Integration with KairosDB

About KairosDB

KairosDB is a fast distributed scalable time-series database. It was initially a rewrite of the original OpenTSDB project, but it evolved to a different system where data management, data processing, and visualization are fully separated. When KairosDB introduced native CQL support in version 1.2.0, we created a performance test for KairosDB and Scylla. Through this process we discovered how easily both platforms could be integrated with each other. The results are presented here in an example which you can adapt to suit your needs. More information on KairosDB can be found on the KairosDB website.

Benefits of integrating KairosDB with Scylla

A highly available time-series solution requires an efficient tailored frontend framework and a backend database with a fast ingestion rate. KairosDB provides a simple and reliable way to ingest and retrieve sensors’ information or metrics, while Scylla provides a highly reliable, performant, and highly available backend, that scales indefinitely and can store large quantities of time-series data.

Use case for integration

The diagram below shows a typical integration scenario where several sensors (in this case GPU temperature sensors) are sending data to KairosDB node(s). The KairosDB nodes are using a Scylla cluster as a backend datastore. To interact with KairosDB, there is a web based UI.

scylla and kairos solution


  1. Scylla cluster
  2. KairosDB nodes
  3. GPU sensors
  4. WebUI for KairosDB

Integration example


In order to implement this integration example, the following are recommendations:

  • It is recommended to deploy KairosDB separately from Scylla, to prevent the databases from competing for resources.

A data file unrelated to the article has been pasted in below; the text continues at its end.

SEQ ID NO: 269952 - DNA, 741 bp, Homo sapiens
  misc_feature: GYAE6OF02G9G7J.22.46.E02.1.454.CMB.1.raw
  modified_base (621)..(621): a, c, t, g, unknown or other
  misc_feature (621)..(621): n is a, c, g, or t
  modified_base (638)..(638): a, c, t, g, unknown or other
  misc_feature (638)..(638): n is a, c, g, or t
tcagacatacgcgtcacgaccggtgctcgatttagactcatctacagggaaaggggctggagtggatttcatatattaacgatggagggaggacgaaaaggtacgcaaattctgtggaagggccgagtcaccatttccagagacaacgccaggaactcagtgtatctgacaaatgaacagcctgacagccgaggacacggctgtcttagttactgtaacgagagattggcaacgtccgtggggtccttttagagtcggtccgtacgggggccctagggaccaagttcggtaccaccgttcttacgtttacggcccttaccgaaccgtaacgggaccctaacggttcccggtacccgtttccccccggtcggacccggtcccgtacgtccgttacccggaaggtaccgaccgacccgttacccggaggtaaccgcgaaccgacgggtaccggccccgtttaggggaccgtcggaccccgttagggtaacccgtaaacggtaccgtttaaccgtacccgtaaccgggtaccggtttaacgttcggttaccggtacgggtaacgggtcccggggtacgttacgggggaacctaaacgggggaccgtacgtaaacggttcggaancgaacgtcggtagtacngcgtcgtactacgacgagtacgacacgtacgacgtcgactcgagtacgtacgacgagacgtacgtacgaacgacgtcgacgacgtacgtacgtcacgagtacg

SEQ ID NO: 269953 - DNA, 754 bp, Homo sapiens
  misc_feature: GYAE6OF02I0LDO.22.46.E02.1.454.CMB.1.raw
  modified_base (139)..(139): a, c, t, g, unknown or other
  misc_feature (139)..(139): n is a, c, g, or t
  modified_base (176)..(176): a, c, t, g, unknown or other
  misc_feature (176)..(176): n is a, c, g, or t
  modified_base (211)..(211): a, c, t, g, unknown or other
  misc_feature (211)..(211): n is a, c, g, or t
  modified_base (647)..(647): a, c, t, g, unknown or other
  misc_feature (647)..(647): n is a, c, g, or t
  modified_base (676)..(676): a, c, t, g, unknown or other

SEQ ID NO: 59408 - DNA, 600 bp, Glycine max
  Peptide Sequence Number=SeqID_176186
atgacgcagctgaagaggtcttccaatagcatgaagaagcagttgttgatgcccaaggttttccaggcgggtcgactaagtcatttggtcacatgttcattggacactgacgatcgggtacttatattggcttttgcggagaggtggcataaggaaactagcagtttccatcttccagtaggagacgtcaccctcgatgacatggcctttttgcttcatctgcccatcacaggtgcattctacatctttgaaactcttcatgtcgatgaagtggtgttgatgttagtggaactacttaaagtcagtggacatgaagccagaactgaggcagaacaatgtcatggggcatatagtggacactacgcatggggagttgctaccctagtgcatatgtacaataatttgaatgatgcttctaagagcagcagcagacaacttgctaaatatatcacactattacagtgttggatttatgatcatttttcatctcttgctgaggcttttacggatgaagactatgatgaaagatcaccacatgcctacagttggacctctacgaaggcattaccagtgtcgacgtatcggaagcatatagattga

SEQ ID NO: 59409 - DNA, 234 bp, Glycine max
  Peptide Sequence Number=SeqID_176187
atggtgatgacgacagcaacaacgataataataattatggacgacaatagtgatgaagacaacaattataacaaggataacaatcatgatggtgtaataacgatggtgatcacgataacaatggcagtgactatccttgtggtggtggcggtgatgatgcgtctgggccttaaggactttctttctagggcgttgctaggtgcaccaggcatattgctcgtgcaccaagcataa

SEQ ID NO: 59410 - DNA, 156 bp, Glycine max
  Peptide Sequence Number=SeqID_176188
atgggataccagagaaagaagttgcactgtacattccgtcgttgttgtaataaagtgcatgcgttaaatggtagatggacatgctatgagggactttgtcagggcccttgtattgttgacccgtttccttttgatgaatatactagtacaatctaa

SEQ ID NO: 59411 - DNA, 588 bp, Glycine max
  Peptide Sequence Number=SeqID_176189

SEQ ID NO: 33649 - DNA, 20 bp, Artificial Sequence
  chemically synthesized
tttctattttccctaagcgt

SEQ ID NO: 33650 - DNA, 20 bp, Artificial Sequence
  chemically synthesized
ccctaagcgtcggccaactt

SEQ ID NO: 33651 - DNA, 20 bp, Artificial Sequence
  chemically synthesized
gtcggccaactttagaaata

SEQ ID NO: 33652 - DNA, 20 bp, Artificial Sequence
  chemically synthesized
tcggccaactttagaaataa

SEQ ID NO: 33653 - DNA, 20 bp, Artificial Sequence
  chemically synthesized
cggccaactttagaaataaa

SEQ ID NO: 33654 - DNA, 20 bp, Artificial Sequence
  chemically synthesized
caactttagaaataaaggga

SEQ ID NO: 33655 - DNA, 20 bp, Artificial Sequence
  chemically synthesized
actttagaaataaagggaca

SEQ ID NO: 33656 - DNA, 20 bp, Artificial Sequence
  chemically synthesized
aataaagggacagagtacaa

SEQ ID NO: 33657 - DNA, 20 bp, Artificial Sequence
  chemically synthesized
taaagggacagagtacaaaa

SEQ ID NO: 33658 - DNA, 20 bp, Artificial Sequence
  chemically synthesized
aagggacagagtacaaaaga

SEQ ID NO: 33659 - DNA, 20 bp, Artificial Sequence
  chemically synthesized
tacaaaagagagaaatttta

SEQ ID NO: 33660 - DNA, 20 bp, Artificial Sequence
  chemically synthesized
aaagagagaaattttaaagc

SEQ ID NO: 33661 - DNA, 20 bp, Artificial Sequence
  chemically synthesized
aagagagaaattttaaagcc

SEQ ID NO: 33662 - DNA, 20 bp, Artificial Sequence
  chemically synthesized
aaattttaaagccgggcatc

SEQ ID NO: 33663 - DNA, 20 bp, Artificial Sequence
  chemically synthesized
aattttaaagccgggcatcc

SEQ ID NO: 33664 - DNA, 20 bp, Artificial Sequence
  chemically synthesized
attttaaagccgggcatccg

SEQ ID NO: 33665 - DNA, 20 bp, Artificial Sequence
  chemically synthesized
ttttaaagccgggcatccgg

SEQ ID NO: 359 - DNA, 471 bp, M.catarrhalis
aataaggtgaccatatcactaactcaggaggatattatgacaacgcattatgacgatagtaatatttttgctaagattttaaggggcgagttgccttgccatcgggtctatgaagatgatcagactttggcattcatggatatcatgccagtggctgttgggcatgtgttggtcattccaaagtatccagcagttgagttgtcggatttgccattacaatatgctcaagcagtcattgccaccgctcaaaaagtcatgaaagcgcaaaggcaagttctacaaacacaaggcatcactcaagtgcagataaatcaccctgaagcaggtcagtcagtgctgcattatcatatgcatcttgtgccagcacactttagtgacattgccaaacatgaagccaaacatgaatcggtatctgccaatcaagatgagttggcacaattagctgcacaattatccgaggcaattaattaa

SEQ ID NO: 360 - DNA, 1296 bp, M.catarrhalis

• Make sure to have sufficient disk space, as KairosDB accumulates data files queued on disk.
  • KairosDB requires Java (and JAVA_HOME setting) as per the procedure here.

Resource list

Although your requirements may be different, this example uses the following resources:

  • Scylla cluster: 3 x i3.8XL instances
  • KairosDB node: m5.2XL instance(s)
  • Loaders (python script emulating the sensors): m5.2XL instance(s)
  • Disk space 200GB for the KairosDB nodes

Note that in this case 200GB was sufficient, but your disk space depends on the workload size from the application/s into Kairos and the speed in which KairosDB can handle the load and write it to the Scylla backend datastore.

Integration instructions

The commands shown in this procedure may require root user or sudo.

Before you begin

Verify that you have installed Scylla on a different instance/server and that you know the Scylla server IP address.


  1. Download KairosDB. This example downloads version 1.2.0.
$ sudo curl -O --location
  1. Extract KairosDB.
$ sudo tar xvzf kairosdb-1.2.0-1.tar.gz
  1. Configure KairosDB to connect to Scylla server. Using an editor, open the kairosdb/conf/ file and make the following edits:

    • Comment out the H2 module

    • Uncomment the Cassandra module

    • In the #Cassandra properties section, set the Scylla nodes IP

    • Set the replication factor (for production purposes use a Scylla cluster with a minimum of RF=3)

      kairosdb.datastore.cassandra.replication={'class': 'SimpleStrategy','replication_factor' : 3}
    • Set the read and write consistency level (for production purposes use write=ONE, read=QUORUM)

      kairosdb.datastore.cassandra.write_consistency_level=ONE (sufficient for time series workload)
    • In case your Scylla / Cassandra cluster is deployed on multiple data centers, change the local datacenter parameter to match the data center you are using.

    • Set connections per host to match the # of shards that Scylla utilizes. Check the number of shards by running the following command on your scylla nodes:

      > cat /etc/scylla.d/cpuset.conf
      CPUSET="--cpuset 1-15,17-31"